Judge unseals few docs in Holmes case, much of gag order remains

A judge on Monday unsealed some documents in the James Holmes case, but left many records sealed, including documents detailing evidence against the accused mass murderer and his time at the University of Colorado.

By BRANDON JOHANSSON, Staff Writer

AURORA | A judge Monday unsealed some documents in the James Holmes case, but left many records sealed, including documents detailing evidence against the accused mass murderer and his time at the University of Colorado.

James E. Holmes

District Court Judge William Blair Sylvester speaks as James E. Holmes appears in Arapahoe County District Court. On Tuesday, Sylvester refused to lift a gag order in the Holmes Aurora theater shooting case, despite days of testimony and revelations during a public hearing in January.)

Judge William B. Sylvester said in a ruling handed down Monday that 34 documents, including several motions from the defense and prosecution, should be unsealed, but other documents, including the arrest and search warrant affidavits, must remain sealed.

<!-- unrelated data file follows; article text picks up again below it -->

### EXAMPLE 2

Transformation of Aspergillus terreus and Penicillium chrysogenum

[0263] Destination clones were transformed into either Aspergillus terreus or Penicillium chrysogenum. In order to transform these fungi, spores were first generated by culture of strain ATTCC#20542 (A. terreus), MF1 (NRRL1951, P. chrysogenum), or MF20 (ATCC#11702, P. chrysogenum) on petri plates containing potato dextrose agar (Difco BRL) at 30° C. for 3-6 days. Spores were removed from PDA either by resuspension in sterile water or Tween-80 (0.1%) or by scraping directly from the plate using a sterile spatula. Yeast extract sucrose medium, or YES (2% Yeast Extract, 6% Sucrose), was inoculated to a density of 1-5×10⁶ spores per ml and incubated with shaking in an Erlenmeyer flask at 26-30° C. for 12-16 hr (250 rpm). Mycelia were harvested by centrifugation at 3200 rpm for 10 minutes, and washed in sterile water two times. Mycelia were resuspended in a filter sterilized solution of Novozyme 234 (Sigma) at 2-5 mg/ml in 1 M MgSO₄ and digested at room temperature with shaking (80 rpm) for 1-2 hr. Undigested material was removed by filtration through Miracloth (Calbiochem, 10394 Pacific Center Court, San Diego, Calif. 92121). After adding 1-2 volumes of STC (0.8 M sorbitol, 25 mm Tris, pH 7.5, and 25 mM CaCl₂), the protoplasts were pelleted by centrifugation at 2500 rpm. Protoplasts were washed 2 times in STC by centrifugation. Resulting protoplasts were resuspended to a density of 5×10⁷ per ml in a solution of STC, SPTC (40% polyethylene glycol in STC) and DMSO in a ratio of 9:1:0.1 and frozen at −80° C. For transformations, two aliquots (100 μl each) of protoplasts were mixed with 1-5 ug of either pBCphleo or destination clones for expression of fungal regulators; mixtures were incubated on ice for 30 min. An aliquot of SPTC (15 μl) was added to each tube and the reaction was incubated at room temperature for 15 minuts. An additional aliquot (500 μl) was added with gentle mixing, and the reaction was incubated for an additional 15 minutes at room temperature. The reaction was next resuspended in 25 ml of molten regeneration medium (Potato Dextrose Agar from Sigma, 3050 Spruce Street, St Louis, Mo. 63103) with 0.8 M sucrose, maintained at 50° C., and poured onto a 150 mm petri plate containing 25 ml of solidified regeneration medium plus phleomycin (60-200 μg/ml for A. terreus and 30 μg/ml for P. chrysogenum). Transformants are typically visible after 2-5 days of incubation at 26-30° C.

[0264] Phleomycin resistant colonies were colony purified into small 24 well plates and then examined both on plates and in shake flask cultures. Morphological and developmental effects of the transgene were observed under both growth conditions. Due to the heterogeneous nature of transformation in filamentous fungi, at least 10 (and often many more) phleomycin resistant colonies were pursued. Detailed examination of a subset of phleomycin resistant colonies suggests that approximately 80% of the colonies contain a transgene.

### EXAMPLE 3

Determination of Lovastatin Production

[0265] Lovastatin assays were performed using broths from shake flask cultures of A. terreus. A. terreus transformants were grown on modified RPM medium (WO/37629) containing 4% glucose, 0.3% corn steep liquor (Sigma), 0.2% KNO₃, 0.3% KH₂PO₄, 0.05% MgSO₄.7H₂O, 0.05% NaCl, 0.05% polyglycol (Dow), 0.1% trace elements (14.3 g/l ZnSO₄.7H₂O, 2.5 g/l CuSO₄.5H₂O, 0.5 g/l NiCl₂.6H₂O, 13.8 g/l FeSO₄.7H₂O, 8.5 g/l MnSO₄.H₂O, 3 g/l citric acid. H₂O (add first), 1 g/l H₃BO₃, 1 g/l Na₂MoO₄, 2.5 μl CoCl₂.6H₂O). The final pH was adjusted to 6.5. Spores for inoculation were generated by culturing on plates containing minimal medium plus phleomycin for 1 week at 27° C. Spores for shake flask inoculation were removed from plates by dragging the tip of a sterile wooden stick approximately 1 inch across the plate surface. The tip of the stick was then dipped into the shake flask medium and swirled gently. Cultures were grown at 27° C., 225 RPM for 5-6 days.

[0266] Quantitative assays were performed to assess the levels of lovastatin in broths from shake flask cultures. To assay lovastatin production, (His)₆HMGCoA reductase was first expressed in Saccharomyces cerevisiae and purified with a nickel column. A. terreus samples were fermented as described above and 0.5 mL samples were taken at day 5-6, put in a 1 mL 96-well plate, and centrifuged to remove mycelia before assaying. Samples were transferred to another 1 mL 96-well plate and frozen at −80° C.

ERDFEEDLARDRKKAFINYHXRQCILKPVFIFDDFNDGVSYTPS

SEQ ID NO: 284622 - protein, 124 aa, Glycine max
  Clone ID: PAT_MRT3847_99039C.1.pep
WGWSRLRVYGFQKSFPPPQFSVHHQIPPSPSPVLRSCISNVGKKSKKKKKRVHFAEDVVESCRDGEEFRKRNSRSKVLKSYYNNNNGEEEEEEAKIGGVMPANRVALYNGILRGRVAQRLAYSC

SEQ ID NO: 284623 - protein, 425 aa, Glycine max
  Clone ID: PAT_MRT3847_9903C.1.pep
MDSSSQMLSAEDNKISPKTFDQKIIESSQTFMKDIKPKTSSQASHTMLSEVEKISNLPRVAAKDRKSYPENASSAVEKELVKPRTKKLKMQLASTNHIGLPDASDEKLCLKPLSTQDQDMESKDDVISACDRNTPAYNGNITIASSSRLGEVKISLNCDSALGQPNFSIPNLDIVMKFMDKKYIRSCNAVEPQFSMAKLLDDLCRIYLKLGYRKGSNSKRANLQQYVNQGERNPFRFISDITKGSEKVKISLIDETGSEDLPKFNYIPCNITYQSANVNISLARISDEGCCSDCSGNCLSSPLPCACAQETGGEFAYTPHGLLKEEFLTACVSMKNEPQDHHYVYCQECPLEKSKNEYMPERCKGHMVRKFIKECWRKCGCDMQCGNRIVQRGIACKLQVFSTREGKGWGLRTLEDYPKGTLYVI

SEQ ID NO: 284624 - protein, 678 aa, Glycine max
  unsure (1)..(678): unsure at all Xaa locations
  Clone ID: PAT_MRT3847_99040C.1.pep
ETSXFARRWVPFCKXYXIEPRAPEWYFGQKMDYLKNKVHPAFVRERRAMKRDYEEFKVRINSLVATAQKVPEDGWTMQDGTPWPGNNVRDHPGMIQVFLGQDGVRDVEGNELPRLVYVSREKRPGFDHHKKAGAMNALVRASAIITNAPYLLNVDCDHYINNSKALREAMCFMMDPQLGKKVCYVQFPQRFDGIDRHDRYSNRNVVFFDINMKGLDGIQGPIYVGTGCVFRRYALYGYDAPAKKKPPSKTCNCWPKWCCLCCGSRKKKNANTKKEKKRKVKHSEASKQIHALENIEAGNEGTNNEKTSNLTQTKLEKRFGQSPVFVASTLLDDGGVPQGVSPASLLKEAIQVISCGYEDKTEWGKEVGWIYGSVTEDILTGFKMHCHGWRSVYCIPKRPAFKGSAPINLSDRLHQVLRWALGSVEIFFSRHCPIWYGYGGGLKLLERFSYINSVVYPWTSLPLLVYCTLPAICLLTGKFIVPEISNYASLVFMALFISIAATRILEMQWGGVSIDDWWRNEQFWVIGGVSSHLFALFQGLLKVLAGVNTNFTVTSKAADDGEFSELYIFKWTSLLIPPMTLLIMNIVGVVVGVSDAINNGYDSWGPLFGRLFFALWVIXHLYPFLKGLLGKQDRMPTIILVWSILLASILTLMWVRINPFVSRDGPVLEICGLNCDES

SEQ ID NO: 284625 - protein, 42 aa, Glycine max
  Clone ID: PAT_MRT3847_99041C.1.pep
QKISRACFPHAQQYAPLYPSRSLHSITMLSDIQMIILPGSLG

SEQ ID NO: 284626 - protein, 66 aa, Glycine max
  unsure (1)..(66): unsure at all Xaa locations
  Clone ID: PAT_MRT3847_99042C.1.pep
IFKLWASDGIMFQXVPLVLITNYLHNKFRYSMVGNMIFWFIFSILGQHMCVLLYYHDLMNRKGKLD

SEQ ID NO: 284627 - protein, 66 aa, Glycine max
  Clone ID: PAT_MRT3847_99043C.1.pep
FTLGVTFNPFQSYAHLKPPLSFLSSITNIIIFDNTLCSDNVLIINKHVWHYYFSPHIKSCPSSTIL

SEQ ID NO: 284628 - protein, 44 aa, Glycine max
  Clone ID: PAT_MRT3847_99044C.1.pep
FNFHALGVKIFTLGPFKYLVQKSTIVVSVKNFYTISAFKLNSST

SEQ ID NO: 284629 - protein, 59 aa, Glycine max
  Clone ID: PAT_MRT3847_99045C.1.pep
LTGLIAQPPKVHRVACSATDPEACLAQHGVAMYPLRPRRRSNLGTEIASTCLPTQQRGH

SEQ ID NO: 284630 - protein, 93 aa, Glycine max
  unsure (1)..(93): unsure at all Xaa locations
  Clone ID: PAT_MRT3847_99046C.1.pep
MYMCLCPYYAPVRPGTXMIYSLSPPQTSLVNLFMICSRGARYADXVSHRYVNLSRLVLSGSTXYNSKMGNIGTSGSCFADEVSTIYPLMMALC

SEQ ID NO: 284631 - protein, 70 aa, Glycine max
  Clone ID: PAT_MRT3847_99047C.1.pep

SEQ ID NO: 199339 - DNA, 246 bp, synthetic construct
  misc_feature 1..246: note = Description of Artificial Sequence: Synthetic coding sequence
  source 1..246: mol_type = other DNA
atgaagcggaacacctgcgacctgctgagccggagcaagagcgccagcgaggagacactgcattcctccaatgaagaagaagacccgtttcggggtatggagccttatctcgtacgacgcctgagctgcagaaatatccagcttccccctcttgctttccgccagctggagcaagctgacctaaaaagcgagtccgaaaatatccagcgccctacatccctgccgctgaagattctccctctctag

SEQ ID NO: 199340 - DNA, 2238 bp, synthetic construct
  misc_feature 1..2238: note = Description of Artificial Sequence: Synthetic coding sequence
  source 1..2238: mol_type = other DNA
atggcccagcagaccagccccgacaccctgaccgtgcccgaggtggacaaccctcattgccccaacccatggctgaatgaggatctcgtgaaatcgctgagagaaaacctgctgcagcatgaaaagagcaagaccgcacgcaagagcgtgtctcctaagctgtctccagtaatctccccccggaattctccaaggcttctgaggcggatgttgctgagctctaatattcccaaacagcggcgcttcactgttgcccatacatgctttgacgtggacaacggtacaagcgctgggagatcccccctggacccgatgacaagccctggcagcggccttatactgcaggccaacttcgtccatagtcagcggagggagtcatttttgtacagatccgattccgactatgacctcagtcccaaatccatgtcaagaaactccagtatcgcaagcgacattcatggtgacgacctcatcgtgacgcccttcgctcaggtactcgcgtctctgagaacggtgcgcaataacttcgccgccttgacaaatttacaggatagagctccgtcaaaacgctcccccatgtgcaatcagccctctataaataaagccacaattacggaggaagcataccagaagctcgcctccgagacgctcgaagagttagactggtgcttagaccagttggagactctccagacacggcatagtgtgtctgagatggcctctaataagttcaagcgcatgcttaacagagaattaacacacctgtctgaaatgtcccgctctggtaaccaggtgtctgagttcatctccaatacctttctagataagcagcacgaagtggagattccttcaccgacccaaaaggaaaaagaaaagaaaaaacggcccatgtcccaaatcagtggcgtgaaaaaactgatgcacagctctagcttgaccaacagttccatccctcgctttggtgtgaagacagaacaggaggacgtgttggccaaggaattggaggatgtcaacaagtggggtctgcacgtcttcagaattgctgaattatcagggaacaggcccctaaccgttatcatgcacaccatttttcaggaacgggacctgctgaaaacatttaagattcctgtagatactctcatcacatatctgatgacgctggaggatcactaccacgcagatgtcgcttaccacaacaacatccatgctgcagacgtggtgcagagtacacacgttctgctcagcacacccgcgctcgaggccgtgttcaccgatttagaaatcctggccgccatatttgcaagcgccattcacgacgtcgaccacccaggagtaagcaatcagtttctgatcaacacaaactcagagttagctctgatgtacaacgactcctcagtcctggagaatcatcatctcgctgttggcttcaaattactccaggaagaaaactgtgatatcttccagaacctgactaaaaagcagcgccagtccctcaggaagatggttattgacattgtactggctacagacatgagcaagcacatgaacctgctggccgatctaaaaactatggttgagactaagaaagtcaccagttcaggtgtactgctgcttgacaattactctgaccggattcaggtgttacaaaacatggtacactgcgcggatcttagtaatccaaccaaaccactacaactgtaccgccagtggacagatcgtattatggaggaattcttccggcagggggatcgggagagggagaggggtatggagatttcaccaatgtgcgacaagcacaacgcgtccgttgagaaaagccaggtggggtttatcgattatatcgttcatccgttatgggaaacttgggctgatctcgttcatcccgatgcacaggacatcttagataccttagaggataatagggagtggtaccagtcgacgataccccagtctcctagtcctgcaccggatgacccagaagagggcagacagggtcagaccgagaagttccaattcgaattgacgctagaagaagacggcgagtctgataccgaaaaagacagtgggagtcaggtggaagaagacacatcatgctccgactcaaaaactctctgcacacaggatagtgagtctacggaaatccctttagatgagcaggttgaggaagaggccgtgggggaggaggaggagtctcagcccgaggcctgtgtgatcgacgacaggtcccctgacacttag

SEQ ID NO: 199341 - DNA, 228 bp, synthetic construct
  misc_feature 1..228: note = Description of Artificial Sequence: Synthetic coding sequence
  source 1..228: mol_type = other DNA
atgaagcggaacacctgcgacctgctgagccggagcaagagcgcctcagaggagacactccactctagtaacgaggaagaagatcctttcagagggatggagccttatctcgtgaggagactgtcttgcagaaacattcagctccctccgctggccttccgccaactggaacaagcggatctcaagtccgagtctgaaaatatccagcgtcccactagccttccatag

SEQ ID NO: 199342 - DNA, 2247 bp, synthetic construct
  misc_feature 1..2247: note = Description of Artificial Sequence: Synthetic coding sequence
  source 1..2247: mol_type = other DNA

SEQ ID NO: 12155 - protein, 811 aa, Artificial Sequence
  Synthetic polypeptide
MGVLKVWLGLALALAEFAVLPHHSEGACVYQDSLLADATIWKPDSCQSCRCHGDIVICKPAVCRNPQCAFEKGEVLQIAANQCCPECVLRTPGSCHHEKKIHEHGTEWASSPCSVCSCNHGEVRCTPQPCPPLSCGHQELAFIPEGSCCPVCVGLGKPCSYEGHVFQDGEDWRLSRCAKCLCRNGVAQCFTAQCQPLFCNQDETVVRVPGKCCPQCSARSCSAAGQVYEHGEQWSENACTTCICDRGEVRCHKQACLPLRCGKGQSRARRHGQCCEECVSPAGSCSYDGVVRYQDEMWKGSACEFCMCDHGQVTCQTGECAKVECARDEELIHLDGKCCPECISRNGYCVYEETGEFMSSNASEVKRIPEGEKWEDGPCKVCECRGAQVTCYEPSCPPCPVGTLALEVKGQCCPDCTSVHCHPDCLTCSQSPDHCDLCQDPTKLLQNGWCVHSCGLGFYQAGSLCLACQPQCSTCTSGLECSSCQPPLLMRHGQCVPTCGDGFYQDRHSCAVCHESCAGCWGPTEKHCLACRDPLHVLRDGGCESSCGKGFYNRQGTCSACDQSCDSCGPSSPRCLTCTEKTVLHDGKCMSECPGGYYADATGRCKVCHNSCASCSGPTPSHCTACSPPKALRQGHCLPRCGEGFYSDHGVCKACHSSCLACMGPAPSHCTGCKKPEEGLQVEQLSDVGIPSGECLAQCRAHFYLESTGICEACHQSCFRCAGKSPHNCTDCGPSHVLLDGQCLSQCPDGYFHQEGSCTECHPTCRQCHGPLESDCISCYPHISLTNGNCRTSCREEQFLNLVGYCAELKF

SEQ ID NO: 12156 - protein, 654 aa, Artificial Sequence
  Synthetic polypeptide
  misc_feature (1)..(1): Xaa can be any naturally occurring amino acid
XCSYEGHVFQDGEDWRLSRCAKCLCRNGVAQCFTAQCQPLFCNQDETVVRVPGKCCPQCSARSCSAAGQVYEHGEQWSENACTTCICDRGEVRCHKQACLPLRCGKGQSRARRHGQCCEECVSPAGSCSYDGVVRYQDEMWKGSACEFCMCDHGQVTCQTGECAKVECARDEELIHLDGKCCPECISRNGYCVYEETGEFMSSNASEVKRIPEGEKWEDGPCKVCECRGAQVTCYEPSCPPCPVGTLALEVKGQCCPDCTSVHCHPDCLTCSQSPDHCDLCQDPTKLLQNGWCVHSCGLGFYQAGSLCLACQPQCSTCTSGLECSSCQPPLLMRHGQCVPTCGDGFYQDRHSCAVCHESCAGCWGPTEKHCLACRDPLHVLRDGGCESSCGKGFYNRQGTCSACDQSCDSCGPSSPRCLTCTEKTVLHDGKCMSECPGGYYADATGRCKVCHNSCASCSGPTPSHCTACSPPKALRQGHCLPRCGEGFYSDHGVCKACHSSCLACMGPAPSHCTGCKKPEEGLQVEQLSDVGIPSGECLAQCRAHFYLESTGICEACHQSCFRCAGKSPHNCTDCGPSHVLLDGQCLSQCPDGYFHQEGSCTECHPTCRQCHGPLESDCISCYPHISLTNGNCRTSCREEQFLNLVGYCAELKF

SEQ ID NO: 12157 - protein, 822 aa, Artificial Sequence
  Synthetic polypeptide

“Unrestricted access to those documents would pose a substantial probability of harm to the fairness of the trial,” Sylvester wrote.

Arrest and search warrant affidavits typically contain details about the evidence police have against a suspect.

Several media outlets had asked Sylvester to unseal documents in the case, arguing that the public had a right to know details about the shootings that left 12 dead and 58 injured at the Century Aurora 16 theater July 20.

In court last week both the prosecution and defense argued against unsealing the bulk of the documents.

Holmes’ lawyer, public defender Daniel King, said the media’s access to the case already was “unprecedented,” with cameras being allowed in court for Holmes’ first appearance and some documents being released publicly.

Deputy District Attorney Jacob Edson said he understood the public’s desire for more information in the case, but said it was too early in the investigation to release more information.

“Just not now, not at this stage,” he said.

As for when documents could be unsealed, Edson said they should be open to the public when the investigation is “at a satisfactory point.”

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